What is the average lifespan of a wireless (Wi-Fi) router?

There is no consensusas to how long a Wi-Fi router will last but most technology experts recommend changing a router every 3 to 5 years. This allows you to account for recent technological developments that will enhance your internet speeds. However, how you use and store your router will have a direct effect on its speed of deterioration.

Since nobody can tell you for sure when to change your router, there some tell-tale signs you should be on the lookout for that tell you it is time to purchase a new one.

Signs that you need to change your router

Slow internet speeds/connectivity

You know you are running on an outdated router when you notice that the speed delivery is half of what you ordered. This simply means your router cannot support the bandwidths been supplied by your ISP. Closely connected to this is when you notice that your devices keep been disconnected from the internet when you are surfing. This could be a sign that your router is outdated and is not compatible with the latest tech devices.

Physical damage

A physical examination of the router will reveal various signs of wear and tear that could be accompanied with overheating. This is a clear sign that your existing router has reached its useful life. Other times wear/tear can be accompanied with various unusual internal router cracking sounds. This is a signal that some of your internal components are not functioning as they are supposed to.


New technologies can render a router obsolete even though it is working in perfect condition or new. Wireless networking standards keep evolving. In 2000, we had the 802.11b then we moved to the 802.11g standard and in 2009, the technology was upgraded to 802.11n. Today, we have the superfast 802.11ax/Wi-Fi 6.

Limited coverage

Most routers in the market will give you a coverage of 150 feet and above. Should you require more coverage then it is prudent to get yourself a Wi-Fi extender. This can be strategically placed within the house for extended coverage. If your range is becoming poor over the years, upgrading the router may not solve your problems and you maybe forced to purchase a new router.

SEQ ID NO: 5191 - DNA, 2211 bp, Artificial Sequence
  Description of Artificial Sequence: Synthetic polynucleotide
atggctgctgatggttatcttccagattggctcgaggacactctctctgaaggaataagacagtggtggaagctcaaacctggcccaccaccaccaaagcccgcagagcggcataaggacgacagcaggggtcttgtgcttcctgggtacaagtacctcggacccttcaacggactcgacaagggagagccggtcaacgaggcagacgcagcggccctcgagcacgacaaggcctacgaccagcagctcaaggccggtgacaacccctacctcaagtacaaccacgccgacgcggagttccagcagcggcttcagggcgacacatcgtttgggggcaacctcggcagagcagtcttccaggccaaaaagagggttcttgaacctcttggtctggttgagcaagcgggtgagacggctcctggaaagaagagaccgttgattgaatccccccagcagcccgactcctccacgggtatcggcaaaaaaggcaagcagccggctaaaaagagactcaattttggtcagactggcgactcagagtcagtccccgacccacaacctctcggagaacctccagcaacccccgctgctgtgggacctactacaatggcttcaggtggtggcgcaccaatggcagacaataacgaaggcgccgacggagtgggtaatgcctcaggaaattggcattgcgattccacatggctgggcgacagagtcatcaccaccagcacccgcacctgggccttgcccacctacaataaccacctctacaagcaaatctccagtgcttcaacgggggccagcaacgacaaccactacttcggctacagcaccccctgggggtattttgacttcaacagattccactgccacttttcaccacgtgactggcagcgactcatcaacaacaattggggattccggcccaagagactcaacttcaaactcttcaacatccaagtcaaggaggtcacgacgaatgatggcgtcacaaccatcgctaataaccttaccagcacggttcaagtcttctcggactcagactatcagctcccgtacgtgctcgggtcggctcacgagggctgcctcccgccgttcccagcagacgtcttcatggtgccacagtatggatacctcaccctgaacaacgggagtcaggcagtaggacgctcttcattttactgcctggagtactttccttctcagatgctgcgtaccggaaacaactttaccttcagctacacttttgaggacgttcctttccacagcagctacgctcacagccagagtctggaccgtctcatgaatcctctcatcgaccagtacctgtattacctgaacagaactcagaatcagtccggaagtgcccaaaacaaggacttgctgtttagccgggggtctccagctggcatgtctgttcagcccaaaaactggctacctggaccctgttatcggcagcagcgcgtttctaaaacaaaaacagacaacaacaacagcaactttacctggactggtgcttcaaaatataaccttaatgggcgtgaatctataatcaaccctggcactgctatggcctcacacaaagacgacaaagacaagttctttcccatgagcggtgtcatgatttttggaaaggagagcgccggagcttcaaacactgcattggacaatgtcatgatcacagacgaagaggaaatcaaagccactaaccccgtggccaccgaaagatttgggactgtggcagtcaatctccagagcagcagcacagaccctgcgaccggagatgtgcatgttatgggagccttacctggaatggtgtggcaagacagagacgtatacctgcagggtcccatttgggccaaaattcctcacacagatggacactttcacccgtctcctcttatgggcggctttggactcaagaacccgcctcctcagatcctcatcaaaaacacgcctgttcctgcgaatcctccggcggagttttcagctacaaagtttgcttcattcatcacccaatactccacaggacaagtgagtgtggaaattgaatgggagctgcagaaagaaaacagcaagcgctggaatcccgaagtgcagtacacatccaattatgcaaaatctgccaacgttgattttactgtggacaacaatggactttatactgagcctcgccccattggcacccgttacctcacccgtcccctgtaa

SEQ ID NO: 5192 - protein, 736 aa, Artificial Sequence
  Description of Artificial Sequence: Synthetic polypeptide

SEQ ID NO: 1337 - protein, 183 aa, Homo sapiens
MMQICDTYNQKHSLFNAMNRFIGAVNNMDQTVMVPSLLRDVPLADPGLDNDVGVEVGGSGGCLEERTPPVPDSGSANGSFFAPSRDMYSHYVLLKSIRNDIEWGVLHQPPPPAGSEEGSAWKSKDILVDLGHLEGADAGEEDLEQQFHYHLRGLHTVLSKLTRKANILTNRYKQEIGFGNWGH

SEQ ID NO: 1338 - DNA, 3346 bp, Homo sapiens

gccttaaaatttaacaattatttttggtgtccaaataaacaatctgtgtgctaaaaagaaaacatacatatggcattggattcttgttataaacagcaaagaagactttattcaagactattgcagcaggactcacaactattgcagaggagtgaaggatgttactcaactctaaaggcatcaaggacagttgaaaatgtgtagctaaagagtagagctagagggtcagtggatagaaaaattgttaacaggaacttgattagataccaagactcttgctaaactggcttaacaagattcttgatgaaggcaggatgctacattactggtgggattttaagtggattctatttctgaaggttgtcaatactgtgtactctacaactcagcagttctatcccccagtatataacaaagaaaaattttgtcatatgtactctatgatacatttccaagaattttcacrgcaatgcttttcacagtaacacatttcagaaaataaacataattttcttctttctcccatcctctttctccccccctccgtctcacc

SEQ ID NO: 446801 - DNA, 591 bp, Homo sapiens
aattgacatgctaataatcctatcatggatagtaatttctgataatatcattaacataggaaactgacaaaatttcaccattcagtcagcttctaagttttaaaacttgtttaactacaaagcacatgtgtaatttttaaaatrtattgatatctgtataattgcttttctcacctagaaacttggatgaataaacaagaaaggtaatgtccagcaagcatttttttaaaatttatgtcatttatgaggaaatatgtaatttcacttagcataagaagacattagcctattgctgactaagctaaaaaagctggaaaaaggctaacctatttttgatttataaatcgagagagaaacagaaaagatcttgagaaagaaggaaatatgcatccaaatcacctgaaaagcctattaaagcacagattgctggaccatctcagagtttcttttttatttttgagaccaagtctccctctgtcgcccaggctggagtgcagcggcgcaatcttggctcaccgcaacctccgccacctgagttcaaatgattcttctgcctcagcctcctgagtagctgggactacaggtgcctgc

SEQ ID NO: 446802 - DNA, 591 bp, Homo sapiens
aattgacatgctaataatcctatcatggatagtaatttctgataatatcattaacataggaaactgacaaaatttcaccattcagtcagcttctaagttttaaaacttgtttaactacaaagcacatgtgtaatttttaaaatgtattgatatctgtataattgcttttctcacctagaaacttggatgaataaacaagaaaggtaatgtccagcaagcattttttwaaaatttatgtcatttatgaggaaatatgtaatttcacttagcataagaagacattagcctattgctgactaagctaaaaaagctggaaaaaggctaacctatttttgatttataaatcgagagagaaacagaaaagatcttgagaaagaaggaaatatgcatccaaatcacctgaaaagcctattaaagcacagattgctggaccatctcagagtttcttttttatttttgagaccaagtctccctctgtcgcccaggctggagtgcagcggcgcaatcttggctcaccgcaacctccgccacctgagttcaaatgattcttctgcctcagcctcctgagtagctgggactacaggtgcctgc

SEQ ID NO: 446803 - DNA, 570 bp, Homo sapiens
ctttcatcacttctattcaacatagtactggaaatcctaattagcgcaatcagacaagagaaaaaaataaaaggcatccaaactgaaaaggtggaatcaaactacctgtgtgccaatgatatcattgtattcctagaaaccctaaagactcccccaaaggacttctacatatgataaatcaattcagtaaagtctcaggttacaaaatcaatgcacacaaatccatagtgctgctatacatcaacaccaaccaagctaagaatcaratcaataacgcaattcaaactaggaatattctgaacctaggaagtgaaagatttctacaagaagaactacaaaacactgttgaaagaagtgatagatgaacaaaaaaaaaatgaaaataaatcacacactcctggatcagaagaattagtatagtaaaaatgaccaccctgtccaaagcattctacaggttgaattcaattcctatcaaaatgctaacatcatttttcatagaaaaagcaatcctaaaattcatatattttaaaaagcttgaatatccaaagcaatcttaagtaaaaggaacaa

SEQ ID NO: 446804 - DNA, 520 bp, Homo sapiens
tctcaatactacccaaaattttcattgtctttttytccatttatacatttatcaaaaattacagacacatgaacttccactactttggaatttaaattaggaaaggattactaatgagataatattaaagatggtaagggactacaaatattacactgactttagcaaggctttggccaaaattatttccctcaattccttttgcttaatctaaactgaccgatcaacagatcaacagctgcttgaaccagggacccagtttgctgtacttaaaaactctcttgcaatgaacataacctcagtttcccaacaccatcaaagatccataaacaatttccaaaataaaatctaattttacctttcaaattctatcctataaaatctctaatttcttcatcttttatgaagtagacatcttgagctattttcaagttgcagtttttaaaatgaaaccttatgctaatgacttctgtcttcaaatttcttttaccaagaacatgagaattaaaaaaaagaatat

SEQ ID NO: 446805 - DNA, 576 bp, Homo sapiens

Random reboots

Routers operate like mini-computers with processor chips and memory. They tend to be very intelligent. However, if you find yourself facing constant router reboots then it becomes more costly to repair the internal components and replacing your router would be more appropriate.

Now you know when to replace your router, but another important thing you need to know is how to extend its lifespan.

How to extend router lifespan

Place it in a safe place

If you want to extend the average lifespan for your modem then you need to place it somewhere it will not easily fall down or obstruct you. This is a place where children or dogs will not be tempted to topple it over. The place should be well aerated to prevent the router from overheating or gathering dust. Some people will prefer placing their modems on book shelves while some will mount it on walls. The choice will largely depend on the router design and available room space.

Keep your firmware updated